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Thursday, December 10, 2009

Cop Charged In Civil Rights Abuse in Juvenile Beating

Department of Justice Press Release

For Immediate Release
December 10, 2009 United States Attorney's Office
District of Rhode Island
Contact: (401) 709-5000

Woonsocket Police Officer Charged with Civil Rights Abuse in Alleged Beating of Juvenile

A federal grand jury in Providence has returned an indictment charging John H. Douglas, a Woonsocket Police officer, with violating the civil rights of a juvenile in his custody by assaulting him, and with obstructing justice. United States Attorney Peter F. Neronha, Assistant Attorney General Thomas E. Perez of the Department of Justice Civil Rights Division, and Warren T. Bamford, Special Agent in Charge of the Federal Bureau of Investigation’s regional field office, jointly announced a two-count indictment, which the grand jury returned yesterday, but which was placed under seal until Douglas’ arrest today. The indictment charges Douglas, 34, of Blackstone, Massachusetts, with depriving the 16-year-old victim of his right under the Constitution to be free from the use of unreasonable force by someone acting “under color of law.” It alleges that, on September 15, Douglas did “punch, strike, and otherwise assault” the victim, resulting in bodily injury.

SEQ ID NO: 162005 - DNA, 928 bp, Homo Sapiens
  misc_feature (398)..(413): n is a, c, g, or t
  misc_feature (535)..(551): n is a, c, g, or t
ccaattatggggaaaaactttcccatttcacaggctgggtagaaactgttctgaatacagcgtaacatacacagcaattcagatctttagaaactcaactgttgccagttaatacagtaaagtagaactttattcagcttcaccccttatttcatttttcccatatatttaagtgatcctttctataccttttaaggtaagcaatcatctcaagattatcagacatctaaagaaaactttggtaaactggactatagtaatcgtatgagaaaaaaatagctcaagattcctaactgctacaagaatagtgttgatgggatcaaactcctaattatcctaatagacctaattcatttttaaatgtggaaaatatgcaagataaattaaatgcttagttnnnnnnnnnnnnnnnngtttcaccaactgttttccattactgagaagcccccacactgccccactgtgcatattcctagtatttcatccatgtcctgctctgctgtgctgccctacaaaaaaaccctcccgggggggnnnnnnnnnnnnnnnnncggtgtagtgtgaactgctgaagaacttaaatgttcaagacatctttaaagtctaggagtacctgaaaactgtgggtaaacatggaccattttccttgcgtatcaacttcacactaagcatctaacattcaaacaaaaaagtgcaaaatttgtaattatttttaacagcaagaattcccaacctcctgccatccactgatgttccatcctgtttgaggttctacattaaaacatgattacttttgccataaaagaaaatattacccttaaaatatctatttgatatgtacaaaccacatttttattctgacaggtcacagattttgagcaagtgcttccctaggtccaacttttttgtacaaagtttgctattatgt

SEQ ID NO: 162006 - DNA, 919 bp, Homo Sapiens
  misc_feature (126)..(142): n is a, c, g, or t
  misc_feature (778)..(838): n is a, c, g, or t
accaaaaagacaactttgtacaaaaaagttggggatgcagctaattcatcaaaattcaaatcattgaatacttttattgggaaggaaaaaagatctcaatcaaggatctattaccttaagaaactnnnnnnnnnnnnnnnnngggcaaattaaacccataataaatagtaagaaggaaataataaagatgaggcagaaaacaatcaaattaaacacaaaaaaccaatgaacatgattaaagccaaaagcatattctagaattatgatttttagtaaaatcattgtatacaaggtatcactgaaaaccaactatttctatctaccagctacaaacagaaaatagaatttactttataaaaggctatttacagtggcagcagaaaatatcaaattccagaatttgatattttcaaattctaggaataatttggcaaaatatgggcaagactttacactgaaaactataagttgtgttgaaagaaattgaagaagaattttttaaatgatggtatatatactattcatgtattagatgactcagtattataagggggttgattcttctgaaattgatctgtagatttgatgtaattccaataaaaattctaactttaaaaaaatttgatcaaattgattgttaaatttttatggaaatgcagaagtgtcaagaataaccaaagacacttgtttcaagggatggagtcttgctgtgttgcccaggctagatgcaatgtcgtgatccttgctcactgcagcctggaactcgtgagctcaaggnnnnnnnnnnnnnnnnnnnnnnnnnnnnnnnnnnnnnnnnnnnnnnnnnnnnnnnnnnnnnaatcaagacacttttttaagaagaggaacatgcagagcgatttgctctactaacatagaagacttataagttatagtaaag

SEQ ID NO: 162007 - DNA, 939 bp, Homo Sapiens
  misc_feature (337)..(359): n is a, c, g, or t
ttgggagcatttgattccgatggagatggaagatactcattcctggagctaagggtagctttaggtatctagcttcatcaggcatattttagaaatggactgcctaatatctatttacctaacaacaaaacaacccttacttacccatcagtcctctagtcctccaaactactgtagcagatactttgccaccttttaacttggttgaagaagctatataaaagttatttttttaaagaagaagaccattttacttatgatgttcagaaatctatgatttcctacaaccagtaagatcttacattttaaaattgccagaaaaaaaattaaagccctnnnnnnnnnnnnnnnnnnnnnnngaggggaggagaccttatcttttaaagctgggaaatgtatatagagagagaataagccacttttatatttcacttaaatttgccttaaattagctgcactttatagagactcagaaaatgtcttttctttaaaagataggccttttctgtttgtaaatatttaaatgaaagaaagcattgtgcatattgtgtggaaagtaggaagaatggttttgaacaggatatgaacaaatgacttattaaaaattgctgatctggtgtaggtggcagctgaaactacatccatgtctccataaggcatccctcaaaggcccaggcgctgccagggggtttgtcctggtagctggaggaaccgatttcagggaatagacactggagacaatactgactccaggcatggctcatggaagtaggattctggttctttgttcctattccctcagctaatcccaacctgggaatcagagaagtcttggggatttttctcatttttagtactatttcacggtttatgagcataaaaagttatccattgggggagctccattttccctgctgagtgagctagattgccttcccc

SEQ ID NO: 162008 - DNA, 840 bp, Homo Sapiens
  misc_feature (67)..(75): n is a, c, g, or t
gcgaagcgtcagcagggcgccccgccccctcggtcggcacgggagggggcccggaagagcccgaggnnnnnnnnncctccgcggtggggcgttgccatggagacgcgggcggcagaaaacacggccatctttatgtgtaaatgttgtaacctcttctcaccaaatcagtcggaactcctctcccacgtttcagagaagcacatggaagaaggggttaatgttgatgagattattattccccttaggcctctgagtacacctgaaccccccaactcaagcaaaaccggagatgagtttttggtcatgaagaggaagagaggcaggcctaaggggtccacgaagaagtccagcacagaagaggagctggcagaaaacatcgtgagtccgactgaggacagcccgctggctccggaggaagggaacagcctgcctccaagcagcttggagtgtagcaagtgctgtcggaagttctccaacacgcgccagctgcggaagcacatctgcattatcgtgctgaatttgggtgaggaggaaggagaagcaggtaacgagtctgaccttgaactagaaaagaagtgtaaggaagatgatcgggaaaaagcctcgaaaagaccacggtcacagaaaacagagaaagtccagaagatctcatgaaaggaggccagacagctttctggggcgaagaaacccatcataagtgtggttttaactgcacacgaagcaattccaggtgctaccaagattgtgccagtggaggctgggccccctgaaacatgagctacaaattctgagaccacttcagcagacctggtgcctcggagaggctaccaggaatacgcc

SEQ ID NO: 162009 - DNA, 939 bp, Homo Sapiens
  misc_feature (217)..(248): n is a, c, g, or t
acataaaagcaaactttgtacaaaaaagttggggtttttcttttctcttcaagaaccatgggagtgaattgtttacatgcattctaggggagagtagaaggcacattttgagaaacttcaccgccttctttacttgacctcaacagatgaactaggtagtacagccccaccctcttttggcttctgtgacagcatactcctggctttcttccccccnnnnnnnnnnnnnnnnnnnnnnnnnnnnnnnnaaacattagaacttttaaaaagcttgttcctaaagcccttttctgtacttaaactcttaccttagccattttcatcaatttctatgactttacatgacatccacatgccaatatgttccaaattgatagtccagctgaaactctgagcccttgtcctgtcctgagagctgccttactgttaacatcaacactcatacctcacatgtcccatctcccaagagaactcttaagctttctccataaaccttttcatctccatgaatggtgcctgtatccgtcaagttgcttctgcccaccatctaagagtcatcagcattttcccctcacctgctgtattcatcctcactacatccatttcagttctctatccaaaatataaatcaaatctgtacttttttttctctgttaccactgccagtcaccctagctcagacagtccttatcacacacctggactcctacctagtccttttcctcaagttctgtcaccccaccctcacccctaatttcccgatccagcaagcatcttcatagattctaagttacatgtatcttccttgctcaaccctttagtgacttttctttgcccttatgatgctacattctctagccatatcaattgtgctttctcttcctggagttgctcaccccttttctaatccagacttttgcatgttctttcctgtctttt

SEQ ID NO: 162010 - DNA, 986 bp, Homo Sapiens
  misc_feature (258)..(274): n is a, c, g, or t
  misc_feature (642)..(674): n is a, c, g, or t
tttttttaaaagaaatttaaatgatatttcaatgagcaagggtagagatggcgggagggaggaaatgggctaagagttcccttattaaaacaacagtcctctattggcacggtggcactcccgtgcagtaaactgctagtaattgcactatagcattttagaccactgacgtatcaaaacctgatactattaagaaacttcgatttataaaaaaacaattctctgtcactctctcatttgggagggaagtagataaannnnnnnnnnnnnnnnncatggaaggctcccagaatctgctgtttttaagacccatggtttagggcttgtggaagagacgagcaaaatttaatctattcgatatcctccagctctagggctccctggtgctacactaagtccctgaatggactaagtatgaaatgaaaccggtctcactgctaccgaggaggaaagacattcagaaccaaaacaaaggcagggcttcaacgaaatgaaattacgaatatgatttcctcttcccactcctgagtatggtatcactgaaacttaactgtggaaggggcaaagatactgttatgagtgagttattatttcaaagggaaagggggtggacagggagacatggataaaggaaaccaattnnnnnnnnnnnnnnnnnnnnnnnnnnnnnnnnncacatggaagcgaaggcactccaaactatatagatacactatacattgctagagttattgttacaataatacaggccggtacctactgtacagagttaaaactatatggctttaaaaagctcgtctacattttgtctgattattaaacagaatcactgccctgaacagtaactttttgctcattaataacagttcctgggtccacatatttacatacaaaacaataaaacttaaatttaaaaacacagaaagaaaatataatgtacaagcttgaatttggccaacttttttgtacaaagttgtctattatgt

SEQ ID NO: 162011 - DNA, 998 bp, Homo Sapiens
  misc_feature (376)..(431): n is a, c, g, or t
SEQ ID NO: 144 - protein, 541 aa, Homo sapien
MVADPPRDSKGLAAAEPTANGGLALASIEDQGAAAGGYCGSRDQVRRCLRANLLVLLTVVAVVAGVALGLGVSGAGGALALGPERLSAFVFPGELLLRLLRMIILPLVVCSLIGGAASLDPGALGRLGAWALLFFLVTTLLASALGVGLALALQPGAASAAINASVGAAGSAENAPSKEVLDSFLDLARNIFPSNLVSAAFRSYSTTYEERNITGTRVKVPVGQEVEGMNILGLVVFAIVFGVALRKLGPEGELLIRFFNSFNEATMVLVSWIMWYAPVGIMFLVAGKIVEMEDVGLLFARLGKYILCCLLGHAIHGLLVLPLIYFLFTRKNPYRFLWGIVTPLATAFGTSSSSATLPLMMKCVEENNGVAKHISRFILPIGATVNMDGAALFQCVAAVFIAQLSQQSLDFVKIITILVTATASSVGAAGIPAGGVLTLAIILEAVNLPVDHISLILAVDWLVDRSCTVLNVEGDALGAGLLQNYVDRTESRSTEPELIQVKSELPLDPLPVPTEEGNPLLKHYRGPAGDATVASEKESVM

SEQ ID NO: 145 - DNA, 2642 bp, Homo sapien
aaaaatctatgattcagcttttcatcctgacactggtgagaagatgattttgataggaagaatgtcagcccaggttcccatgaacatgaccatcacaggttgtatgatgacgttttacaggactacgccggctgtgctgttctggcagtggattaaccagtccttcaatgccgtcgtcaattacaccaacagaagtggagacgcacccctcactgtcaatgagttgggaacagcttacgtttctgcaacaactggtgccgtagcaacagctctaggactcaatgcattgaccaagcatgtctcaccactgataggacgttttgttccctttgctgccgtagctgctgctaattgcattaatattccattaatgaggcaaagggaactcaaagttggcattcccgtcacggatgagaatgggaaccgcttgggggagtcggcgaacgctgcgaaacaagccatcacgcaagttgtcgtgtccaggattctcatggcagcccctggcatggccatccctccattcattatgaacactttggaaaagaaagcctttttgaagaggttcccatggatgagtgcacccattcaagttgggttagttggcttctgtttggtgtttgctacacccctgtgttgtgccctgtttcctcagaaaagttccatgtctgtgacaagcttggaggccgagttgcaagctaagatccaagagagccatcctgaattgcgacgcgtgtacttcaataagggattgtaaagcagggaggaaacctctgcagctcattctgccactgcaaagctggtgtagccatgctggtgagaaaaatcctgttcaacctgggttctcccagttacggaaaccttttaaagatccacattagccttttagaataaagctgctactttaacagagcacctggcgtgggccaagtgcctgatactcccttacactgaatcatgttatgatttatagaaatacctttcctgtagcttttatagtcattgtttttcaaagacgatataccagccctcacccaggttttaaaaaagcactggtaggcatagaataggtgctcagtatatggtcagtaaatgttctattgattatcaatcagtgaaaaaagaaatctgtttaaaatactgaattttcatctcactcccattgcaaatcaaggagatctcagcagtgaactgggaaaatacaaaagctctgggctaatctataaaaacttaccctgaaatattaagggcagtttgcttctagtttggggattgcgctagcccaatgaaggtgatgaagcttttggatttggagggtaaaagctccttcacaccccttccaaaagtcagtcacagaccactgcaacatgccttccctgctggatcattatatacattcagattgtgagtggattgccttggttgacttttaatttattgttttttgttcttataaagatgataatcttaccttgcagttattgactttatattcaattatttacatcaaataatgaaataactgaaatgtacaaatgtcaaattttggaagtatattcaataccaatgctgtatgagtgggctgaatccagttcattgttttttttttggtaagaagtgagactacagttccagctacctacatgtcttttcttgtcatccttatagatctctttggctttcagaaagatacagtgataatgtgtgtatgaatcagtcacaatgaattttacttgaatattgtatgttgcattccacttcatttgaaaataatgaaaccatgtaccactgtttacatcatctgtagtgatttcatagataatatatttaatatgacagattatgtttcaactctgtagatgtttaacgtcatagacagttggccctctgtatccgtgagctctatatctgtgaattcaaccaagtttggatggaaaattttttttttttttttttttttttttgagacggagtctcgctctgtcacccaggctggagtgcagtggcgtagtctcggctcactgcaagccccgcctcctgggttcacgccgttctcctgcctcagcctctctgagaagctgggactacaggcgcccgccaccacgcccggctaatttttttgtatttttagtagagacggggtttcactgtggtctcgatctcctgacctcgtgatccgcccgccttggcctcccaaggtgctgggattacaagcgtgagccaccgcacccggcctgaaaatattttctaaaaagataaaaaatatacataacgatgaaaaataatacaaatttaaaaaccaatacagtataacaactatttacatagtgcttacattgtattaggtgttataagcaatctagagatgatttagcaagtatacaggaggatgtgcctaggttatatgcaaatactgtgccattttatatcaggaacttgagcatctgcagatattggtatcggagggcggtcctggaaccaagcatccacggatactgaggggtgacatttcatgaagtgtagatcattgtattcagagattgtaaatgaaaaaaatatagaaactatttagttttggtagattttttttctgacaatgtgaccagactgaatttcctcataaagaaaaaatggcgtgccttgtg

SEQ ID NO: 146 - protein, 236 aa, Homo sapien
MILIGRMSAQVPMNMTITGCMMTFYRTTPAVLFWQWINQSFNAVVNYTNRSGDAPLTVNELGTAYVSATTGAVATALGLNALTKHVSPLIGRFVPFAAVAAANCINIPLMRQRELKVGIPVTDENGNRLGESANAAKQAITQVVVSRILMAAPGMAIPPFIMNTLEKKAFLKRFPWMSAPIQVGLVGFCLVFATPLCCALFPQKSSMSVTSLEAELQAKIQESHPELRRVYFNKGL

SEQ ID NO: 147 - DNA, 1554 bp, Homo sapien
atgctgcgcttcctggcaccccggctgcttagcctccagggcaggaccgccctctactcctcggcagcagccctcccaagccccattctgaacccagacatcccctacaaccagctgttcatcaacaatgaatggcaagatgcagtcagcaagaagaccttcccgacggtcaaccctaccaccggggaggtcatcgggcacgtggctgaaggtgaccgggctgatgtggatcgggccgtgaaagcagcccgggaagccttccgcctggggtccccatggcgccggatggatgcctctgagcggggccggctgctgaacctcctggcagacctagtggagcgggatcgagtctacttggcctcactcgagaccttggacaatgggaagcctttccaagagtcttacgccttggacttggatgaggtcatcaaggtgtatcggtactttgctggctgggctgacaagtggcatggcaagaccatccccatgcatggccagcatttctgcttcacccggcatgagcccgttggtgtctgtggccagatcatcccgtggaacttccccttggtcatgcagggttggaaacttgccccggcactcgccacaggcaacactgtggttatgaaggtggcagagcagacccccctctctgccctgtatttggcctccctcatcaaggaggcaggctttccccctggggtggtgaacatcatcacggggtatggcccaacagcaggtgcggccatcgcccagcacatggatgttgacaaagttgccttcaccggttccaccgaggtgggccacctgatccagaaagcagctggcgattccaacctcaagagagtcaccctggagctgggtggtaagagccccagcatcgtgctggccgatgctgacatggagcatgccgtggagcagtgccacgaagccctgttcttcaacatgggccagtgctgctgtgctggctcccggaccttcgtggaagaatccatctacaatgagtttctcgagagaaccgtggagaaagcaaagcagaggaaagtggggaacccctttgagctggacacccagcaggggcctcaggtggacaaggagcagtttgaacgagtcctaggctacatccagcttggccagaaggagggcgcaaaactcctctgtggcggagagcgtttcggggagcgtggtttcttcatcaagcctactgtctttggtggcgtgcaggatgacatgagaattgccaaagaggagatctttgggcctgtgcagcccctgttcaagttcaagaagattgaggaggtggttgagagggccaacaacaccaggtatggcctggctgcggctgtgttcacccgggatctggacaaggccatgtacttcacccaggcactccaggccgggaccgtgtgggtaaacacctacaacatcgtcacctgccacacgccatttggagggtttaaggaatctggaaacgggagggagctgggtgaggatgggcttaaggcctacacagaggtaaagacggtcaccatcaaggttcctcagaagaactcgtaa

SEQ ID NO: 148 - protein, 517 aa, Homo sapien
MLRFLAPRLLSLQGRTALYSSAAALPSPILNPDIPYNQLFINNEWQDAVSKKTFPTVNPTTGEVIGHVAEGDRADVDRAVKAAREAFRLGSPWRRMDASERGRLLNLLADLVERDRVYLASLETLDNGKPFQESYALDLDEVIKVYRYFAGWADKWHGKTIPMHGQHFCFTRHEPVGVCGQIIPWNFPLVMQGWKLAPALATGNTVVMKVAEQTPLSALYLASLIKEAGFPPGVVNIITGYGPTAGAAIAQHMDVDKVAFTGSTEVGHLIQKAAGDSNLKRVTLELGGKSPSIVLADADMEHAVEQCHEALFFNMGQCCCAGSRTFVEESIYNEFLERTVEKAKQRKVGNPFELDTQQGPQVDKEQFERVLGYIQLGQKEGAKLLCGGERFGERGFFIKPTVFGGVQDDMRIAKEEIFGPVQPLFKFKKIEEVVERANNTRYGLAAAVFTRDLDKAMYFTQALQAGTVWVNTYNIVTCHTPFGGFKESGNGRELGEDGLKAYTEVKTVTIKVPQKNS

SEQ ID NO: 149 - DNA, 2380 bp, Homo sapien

The second count of the indictment alleges that Douglas obstructed justice when he allegedly tried to persuade other Woonsocket officers to provide false information to FBI agents who were investigating the matter. FBI agents, assisted by Woonsocket Police, arrested Douglas today. He was arraigned before Magistrate Judge David L. Martin in U.S. District Court, Providence, pleaded not guilty, and was released on bond pending further proceedings. An indictment is merely an allegation and a defendant is presumed innocent unless and until proven guilty. In the event of a conviction, the maximum penalty for the civil rights allegation would be ten years in federal prison and a $250,000 fine. The maximum penalty for obstruction of justice would be 20 years in federal prison and a $250,000 fine. Special Agent in Charge Bamford thanked Woonsocket Police Chief Thomas Carey for his department’s cooperation in the investigation. The FBI conducted the investigation. Assistant U.S. Attorneys John P. McAdams and Terrence P. Donnelly, and Trial Attorney Avner Shapiro of Civil Rights Division are prosecuting the case.

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